BLOOMINGTON — A year of analyzing and creating through computer science has some Twin City high school students itching for more real-world projects in school.
“It’s interesting to see the ways they approach and dissect problems, weigh risks, identify feasibility and make decisions. It’s cool to see that maturation of their minds,” said Allen Hays, instructor for problem solving with computer programming at Bloomington High School.
From October to April, State Farm employees mentored students from BHS, Normal West and Normal Community high school in select computer science classes.
The groups used science, technology, engineering and math (STEM) to solve a problem within the community or insurance industry by creating an app or piece of software.
BHS junior Bo Stinson worked with classmates to develop an app that could help college students better manage loans and contact financial professionals with questions.
“This felt like a more realistic approach to learning than current standardized testing,” said Stinson. “It wasn’t just pages of multiple-choice answers. We had to identify a problem and solve it. It’s better to have open projects like this in school because you can really use your own ideas.”
His group partner, Mahlik Helm, a BHS senior, said the group ran into coding problems during the project and had to work through the issues as a team.
“It gave us the chance to see what it would be like working on a similar project for a big company,” said Helm. “This was a more practical way to learn. It’d be cool if more classes had projects like this, giving us freedom to learn.”
The joint STEM project with State Farm and area high schools was organized by the Illinois Science and Technology Institute. Other businesses throughout the state were connected with 38 high schools for the project.
One group from each high school was invited in April to the STEM Challenge Student Showcase in Chicago to present their research.
Sophomore Rylan Hambleton and freshman Dominick Saylor were chosen to represent BHS. Their project focused on the use of drone technology to make insurance claims during catastrophes.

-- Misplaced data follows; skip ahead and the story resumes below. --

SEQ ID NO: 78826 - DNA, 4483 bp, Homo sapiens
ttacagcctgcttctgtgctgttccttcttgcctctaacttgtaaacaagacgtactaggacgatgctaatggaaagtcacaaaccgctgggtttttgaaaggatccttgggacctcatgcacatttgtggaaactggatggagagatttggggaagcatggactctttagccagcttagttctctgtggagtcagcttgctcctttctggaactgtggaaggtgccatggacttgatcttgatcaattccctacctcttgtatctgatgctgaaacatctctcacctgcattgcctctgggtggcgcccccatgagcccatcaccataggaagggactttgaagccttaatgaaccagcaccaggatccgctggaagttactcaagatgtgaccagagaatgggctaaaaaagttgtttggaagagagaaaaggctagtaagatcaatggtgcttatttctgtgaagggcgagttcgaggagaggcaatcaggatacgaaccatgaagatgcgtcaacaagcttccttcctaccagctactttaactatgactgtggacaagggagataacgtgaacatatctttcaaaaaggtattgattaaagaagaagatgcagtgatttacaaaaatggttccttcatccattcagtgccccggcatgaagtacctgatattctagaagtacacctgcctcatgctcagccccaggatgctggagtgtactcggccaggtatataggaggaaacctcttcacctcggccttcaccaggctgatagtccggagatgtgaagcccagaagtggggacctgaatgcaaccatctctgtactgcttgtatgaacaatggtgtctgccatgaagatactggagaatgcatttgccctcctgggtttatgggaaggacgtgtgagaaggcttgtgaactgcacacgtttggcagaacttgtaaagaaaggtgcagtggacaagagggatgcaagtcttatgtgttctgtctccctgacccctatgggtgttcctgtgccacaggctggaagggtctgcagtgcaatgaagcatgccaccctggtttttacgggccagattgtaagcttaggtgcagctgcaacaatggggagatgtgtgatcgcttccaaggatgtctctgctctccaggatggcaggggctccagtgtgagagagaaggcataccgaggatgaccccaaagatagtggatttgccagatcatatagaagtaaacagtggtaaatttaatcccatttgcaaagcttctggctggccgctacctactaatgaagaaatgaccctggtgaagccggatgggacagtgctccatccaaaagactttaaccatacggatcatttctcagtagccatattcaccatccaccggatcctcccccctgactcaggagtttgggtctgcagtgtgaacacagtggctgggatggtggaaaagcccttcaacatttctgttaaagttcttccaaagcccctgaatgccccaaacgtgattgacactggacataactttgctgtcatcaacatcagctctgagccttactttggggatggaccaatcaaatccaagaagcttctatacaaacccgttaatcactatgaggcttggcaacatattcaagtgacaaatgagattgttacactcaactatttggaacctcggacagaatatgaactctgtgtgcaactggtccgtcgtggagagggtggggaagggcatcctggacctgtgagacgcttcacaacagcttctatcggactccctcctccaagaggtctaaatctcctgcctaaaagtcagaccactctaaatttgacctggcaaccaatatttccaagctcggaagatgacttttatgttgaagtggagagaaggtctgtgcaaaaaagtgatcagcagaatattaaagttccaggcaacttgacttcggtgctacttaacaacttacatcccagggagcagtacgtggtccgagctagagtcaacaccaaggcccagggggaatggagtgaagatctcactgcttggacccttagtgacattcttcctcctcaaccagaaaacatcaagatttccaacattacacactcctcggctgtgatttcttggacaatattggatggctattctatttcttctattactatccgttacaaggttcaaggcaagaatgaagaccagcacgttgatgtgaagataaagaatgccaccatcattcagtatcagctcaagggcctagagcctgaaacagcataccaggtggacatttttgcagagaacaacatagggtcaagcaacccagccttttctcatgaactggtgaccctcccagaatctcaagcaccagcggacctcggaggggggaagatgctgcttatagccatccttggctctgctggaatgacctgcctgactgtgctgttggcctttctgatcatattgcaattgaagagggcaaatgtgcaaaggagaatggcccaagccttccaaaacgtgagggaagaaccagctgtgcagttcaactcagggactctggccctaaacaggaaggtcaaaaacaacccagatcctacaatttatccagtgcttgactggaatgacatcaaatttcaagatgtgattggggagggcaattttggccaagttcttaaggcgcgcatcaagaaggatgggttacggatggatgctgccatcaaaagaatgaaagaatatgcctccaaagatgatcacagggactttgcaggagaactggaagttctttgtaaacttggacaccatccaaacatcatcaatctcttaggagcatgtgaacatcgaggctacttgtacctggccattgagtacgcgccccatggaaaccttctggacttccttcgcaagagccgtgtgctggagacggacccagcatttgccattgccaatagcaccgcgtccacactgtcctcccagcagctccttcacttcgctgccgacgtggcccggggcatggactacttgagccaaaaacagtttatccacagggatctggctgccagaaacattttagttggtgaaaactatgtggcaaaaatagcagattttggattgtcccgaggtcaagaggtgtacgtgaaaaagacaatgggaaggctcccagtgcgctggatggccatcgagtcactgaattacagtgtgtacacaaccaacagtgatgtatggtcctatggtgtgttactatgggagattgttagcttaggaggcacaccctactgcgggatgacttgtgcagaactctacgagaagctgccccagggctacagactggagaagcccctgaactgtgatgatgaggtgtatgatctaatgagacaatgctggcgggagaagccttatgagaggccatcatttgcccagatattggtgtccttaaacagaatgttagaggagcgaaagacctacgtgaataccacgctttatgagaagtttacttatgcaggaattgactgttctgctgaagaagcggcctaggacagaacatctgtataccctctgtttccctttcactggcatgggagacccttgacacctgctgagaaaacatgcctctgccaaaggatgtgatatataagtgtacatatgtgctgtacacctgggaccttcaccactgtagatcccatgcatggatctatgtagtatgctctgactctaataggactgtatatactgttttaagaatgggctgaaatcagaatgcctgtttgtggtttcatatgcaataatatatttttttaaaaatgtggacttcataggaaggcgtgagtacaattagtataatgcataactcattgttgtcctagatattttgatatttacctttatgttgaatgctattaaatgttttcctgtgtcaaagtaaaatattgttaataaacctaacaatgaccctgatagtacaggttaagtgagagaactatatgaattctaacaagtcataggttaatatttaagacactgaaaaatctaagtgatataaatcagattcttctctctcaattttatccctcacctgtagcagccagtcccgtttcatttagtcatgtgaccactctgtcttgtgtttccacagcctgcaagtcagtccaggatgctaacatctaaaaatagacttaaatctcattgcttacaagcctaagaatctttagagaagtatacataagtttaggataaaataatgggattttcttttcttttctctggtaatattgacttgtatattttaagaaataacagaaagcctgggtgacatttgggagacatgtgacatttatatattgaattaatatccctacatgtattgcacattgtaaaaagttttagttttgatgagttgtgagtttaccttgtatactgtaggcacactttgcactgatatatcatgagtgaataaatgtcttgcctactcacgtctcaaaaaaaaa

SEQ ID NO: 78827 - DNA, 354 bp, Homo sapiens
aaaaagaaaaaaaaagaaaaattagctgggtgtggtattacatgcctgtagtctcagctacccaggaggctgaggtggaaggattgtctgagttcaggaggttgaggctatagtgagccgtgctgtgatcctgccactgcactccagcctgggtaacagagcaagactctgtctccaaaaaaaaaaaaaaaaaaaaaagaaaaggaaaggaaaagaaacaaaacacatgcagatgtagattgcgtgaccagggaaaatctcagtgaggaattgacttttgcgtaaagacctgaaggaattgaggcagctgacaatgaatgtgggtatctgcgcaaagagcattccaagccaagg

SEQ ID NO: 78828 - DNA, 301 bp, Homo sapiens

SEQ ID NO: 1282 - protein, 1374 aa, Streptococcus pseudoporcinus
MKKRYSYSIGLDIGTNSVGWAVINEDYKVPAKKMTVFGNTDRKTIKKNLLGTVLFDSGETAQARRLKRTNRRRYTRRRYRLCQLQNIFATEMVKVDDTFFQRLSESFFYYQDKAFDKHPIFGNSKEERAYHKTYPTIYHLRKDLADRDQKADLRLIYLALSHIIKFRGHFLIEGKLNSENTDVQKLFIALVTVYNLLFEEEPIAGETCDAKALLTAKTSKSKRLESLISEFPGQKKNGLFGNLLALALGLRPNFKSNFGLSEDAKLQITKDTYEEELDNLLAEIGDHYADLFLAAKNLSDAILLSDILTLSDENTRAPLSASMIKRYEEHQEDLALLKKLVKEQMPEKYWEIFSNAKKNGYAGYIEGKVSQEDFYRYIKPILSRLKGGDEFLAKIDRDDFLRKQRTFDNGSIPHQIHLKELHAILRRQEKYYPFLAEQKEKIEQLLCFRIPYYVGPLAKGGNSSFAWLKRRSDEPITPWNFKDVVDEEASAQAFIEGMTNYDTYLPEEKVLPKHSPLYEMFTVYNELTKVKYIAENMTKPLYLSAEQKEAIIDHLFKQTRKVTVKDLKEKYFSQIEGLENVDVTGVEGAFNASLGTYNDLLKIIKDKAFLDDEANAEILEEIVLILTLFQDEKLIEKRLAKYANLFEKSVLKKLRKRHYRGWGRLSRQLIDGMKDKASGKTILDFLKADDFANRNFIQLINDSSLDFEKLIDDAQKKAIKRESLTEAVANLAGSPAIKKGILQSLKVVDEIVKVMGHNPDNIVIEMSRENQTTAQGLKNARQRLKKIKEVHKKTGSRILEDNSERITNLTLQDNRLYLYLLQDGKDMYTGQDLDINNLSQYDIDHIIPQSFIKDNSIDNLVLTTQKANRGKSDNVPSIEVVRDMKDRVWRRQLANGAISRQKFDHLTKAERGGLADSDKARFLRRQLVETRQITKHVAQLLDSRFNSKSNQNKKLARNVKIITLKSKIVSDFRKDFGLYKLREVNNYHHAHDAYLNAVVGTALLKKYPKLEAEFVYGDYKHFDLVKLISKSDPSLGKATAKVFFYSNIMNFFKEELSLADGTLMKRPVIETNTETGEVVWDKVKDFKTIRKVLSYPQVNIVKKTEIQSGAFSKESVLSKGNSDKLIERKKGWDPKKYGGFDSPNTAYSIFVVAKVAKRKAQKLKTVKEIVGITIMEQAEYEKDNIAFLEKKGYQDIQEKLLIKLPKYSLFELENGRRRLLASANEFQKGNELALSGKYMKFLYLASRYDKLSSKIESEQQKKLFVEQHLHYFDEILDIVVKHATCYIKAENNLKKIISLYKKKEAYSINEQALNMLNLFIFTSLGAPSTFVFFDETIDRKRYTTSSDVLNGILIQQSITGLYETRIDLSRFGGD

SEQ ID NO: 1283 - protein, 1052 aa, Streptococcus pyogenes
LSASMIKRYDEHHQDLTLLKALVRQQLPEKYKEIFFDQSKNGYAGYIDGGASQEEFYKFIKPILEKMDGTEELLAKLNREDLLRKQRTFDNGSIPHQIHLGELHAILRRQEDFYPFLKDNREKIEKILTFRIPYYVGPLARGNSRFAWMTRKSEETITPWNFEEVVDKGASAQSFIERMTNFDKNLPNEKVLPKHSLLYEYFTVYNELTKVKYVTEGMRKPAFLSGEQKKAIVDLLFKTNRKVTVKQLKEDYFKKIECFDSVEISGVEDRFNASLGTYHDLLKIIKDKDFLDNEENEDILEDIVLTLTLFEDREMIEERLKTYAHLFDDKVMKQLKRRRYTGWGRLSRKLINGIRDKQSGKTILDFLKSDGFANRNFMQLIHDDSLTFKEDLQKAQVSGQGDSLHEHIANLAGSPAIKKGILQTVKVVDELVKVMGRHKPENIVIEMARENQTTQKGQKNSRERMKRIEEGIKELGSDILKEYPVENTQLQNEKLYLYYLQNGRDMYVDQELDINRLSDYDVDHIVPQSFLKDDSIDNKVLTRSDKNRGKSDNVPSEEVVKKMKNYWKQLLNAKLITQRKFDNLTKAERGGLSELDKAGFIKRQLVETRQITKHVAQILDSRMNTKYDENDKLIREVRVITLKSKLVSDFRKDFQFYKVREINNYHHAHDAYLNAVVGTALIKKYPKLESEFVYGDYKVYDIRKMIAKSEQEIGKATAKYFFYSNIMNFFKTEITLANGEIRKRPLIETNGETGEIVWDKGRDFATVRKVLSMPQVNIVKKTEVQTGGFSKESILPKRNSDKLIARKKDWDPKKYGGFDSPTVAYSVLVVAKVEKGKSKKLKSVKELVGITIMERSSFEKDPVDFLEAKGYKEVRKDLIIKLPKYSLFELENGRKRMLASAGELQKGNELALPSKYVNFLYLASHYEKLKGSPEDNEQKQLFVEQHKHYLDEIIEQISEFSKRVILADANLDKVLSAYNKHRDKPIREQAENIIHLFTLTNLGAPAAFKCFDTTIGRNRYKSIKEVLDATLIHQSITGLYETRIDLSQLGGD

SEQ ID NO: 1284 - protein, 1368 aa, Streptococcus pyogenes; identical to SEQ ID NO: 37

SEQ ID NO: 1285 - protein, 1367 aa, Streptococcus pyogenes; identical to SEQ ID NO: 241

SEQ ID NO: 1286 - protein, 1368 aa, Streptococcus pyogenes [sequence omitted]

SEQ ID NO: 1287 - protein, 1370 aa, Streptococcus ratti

“Our project is innovative because it would make the claims process more cost- and time-efficient. I really learned a lot of teamwork skills and how to successfully combine ideas,” said Hambleton.
Sally McCullers of Bloomington is a manager in IT systems at State Farm. She gave pointers and encouraged the drone team to think outside the box.
“My role was to keep the brainstorming flowing and get the group to very clearly articulate what they wanted to do,” said McCullers.
She said the group studied drone licensing and regulations, battery life and range of motion.
“We need to continue to bring real-life examples into the classroom to educate and energize students about career fields they can be a part of in the future,” said McCullers. “If something doesn’t feel like school work now, maybe down the road the same subject won’t feel like work.”
Students at NCHS and Normal West explored ways to insure self-driving vehicles and reward systems for safe driving.
Another BHS group designed a direct donation network for community members who need financial assistance. Through referrals from churches and homeless shelters, individuals can request donations from volunteers to pay for things like groceries and down payments.
“These kids are soaking up knowledge,” said Hays. “Their learning capacity is growing and hopefully they will take that approach in the next steps of their lives as they are educated by different people.”